The LEGO Movie 2: The Second Part
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All Critics (39)
| Top Critics (18)
| Fresh (14)
| Rotten (25)
Director-co-writer Sheldon Candis stretches a lot of the time, a romantic story seems to have been cut drastically, and the film's climax is far too typical.
Even the boarded-up row houses look romantic.
A sometimes taut and occasionally preposterous day in the life of an 11-year-old accompanying his uncle on business in Baltimore.
What begins as a promising peek into the tragic cycle of waylaid promise that's crippling broken inner-city families is itself dispiritingly pulled sideways in the Baltimore-set indie "LUV."
Both for good and for ill, "LUV" has a film-school feeling about it, and channels a legacy of fatalistic American crime cinema that includes "Mean Streets" and "Treasure of the Sierra Madre."
Saved from its predictable plotline by a strong cast and a central relationship written and performed with sensitivity, LUV reveals the stakes of trusting in a role model and the costs when that person turns out to be human.
Charismatic actors can only do so much with lackluster writing and poor plotting.
When Rainey Jr. and Common get into their screaming matches, it's powerful stuff.
The finale is too melodramatic to be powerful.
Common more than pulls off the tough task in a revelatory, award-worthy turn.
if interpreted as "a fable" you may be able to shrug it off.
Candis demonstrates a practiced hand in his direction, keeping the pace brisk and the tension taut. But there's no getting around the meandering and highly formulaic script.
Fresh out of jail, Vincent(Common) visits his nephew Woody(Michael Rainey Jr.) who is staying with his grandmother(Lonette McKee). That is followed by Vincent driving his nephew to school. Except he takes him to a tailor instead. That is to make a good impression when Victor goes to the bank to get a loan for his proposed restaurant. And then is stunned when he learns that his collateral is about to be foreclosed, requiring about $25,000 by Monday. That leads Vincent to reconnect with Arthur(Danny Glover), followed by a meeting with Mr. Fish(Dennis Haysbert).
With its exemplary cast that also includes Charles S. Dutton, Michael Kenneth Williams and Russell Hornsby, "Luv" takes the old story of an ex-con trying to go straight and turns it partially on its head. Whereas some cultural commentators complain about the absence of African American men from their children's lives(usually said comments come from outside the community), the movie takes a different angle by saying how in some cases it might not be such a bad idea if the man of the house is not present, considering how toxic his presence might possibly be. And Vincent may think he is doing good by Woody, but his actions speak otherwise. However, in the end, the wildly improbable ending undoes a lot of the realities of what came before in its lyrical pretentiousness.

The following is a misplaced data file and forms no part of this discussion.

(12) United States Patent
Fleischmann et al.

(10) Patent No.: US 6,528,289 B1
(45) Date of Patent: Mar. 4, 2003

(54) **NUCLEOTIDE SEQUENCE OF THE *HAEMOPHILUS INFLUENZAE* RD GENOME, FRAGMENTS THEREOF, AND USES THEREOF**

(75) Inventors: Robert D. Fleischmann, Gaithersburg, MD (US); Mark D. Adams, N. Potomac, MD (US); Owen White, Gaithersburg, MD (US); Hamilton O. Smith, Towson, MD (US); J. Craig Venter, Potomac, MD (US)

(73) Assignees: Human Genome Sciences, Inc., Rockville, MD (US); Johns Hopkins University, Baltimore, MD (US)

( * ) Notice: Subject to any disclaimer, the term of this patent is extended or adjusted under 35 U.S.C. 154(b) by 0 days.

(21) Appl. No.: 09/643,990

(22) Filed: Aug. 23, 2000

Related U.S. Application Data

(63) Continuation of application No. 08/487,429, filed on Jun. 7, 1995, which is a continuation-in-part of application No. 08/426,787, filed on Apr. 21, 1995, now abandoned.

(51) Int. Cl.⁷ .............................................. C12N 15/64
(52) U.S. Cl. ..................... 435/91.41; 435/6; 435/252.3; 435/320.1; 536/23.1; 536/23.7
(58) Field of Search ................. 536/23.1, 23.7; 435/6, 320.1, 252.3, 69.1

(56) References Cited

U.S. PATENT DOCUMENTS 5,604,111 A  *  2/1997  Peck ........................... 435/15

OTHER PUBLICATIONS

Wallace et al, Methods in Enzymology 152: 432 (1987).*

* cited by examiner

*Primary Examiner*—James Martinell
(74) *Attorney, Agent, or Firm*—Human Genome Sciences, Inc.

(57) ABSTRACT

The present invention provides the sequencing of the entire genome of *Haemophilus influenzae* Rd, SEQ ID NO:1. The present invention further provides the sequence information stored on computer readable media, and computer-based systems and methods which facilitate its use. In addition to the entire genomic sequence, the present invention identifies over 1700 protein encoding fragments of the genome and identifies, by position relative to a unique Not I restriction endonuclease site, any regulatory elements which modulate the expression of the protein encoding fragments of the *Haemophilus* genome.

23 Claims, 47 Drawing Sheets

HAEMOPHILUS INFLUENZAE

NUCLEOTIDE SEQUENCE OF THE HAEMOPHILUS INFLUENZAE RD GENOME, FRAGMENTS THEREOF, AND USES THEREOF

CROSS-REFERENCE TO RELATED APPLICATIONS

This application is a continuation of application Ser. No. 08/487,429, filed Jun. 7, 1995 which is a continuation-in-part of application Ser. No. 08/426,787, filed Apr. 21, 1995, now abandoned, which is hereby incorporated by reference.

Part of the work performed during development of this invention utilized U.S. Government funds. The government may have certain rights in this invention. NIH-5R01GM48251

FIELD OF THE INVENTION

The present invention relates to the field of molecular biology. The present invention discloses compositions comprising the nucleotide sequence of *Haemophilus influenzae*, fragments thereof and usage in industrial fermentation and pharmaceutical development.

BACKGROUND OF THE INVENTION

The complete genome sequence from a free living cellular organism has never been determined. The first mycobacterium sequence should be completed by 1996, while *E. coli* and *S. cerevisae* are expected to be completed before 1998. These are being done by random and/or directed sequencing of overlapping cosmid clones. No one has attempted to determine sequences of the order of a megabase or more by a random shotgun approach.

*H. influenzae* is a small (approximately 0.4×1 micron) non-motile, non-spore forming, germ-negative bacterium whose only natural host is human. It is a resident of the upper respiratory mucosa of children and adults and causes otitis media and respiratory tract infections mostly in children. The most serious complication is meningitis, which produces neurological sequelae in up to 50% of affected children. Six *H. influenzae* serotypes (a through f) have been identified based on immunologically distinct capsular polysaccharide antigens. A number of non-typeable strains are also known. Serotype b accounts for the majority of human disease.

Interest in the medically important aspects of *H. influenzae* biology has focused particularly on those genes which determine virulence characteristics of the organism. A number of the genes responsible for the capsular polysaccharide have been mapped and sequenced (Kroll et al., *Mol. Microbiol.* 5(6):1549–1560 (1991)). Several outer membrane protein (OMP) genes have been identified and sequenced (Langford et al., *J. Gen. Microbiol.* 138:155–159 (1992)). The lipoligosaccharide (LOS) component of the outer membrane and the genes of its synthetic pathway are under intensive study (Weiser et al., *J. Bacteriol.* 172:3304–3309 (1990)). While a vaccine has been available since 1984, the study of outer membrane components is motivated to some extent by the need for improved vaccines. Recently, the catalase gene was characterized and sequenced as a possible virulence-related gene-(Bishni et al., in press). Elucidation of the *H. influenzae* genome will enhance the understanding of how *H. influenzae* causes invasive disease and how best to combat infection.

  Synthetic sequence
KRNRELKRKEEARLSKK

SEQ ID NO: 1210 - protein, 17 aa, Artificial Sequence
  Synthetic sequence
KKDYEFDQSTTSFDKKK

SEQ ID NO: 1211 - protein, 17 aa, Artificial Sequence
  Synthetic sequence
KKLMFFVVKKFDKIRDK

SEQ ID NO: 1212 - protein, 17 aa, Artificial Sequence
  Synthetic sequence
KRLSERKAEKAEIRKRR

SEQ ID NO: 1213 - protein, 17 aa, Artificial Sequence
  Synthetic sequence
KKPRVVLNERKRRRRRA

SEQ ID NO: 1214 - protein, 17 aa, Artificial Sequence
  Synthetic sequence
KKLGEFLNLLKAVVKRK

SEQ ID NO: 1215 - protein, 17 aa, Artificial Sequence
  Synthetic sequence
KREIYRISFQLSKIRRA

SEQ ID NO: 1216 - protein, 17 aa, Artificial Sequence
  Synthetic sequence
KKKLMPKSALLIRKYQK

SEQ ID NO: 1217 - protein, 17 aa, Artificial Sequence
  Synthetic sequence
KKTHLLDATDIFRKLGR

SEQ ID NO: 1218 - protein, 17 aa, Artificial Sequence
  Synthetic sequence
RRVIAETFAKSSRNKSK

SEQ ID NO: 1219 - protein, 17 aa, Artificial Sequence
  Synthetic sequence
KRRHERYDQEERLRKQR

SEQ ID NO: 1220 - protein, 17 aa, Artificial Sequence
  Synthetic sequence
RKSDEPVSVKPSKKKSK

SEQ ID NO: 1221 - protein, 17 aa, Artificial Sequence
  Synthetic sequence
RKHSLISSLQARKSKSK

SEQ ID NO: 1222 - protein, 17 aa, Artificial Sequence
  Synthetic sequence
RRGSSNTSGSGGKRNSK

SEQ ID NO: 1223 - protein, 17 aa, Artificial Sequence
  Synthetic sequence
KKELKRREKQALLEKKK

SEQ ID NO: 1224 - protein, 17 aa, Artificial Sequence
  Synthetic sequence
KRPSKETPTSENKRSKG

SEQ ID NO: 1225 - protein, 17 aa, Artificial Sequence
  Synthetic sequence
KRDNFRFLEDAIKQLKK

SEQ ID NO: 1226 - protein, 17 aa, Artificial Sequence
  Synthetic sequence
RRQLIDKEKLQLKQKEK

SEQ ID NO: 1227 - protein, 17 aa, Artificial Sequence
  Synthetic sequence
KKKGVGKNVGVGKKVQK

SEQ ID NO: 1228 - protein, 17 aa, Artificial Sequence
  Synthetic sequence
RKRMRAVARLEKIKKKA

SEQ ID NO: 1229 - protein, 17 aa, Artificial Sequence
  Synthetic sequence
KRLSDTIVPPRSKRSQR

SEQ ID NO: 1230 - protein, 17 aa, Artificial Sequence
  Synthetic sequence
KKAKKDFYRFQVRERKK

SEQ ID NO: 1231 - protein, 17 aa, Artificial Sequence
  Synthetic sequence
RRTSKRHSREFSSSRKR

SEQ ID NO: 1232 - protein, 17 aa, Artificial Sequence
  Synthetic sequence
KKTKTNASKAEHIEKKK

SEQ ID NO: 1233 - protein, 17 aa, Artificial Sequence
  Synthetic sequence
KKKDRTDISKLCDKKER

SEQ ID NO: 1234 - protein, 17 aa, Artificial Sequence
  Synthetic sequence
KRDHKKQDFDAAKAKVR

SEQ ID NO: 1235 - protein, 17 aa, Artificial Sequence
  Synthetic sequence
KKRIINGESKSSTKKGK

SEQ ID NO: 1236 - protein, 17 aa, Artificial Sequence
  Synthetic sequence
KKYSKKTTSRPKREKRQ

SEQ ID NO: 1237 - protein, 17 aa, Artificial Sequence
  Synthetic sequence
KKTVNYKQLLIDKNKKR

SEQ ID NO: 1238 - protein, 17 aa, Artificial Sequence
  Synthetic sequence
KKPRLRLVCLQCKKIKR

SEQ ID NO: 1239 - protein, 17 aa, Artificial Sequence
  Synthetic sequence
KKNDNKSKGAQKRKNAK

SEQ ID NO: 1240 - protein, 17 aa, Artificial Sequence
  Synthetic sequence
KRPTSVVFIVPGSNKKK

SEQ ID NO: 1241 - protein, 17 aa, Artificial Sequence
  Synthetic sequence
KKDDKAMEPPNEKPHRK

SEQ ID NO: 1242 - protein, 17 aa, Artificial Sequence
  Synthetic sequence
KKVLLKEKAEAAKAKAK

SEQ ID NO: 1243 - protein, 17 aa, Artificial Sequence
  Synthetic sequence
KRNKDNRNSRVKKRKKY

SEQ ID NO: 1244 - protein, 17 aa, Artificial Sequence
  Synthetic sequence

Follow your hero. Or become your own man.
Good Film! The film does a formidable job in demonstrating that no matter what you do or how much you may want to change, the past always has a way of catching up with you. The star power in this film immediately captured my attention. Scene upon scene brought a new recognizable well established actor on screen, which is so atypical when viewing Indie films. The film LUV is a fictionalized account of actual events that occurred in the writer director Sheldon Candis' life as he spent time with his uncle. There are some moments here that make you wonder why this kid is being dragged into all these situations, but as everything unfolds you realize it is part of what makes him grow as a man, whether they are good or bad. This was one of those movies that really delivered a surprising finished product to something that didn't offer a huge appeal other than the cast. It's these kinds of movies that remind you how to love film. It's not one of the best around, but there is passion and depth to this film filled with a cast that clearly did this for the love of the project and it shows in the finished product. Go see it!
An 11-year-old boy gets a crash course in what it means to be a man when he spends a day with the ex-convict uncle he idolizes.
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